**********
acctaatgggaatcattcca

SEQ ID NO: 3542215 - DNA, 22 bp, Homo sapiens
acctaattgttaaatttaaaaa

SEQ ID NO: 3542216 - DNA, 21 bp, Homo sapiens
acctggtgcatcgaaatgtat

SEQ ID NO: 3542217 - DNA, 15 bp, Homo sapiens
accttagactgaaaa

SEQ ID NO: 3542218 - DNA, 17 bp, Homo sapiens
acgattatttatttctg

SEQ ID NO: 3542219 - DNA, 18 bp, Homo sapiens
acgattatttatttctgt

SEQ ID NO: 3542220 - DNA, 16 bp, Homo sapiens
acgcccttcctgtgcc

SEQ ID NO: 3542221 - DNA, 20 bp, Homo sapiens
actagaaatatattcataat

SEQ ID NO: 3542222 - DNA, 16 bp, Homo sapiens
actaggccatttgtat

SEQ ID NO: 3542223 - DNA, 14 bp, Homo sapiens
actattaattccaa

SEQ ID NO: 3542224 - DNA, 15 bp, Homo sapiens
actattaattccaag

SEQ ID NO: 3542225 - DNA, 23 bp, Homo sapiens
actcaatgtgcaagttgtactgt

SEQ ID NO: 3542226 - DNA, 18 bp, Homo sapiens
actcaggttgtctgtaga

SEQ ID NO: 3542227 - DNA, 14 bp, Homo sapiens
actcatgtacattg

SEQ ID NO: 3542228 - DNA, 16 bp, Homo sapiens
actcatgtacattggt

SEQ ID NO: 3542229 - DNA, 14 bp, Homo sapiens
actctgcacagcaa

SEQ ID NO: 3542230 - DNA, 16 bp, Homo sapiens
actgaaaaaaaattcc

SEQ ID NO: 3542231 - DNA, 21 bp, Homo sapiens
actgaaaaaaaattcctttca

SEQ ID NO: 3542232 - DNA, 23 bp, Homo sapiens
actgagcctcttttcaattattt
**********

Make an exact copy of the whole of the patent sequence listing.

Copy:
acctaatgggaatcattcca

SEQ ID NO: 3542215 - DNA, 22 bp, Homo sapiens
acctaattgttaaatttaaaaa

SEQ ID NO: 3542216 - DNA, 21 bp, Homo sapiens
acctggtgcatcgaaatgtat

SEQ ID NO: 3542217 - DNA, 15 bp, Homo sapiens
accttagactgaaaa

SEQ ID NO: 3542218 - DNA, 17 bp, Homo sapiens
acgattatttatttctg

SEQ ID NO: 3542219 - DNA, 18 bp, Homo sapiens
acgattatttatttctgt

SEQ ID NO: 3542220 - DNA, 16 bp, Homo sapiens
acgcccttcctgtgcc

SEQ ID NO: 3542221 - DNA, 20 bp, Homo sapiens
actagaaatatattcataat

SEQ ID NO: 3542222 - DNA, 16 bp, Homo sapiens
actaggccatttgtat

SEQ ID NO: 3542223 - DNA, 14 bp, Homo sapiens
actattaattccaa

SEQ ID NO: 3542224 - DNA, 15 bp, Homo sapiens
actattaattccaag

SEQ ID NO: 3542225 - DNA, 23 bp, Homo sapiens
actcaatgtgcaagttgtactgt

SEQ ID NO: 3542226 - DNA, 18 bp, Homo sapiens
actcaggttgtctgtaga

SEQ ID NO: 3542227 - DNA, 14 bp, Homo sapiens
actcatgtacattg

SEQ ID NO: 3542228 - DNA, 16 bp, Homo sapiens
actcatgtacattggt

SEQ ID NO: 3542229 - DNA, 14 bp, Homo sapiens
actctgcacagcaa

SEQ ID NO: 3542230 - DNA, 16 bp, Homo sapiens
actgaaaaaaaattcc

SEQ ID NO: 3542231 - DNA, 21 bp, Homo sapiens
actgaaaaaaaattcctttca

SEQ ID NO: 3542232 - DNA, 23 bp, Homo sapiens
actgagcctcttttcaattattt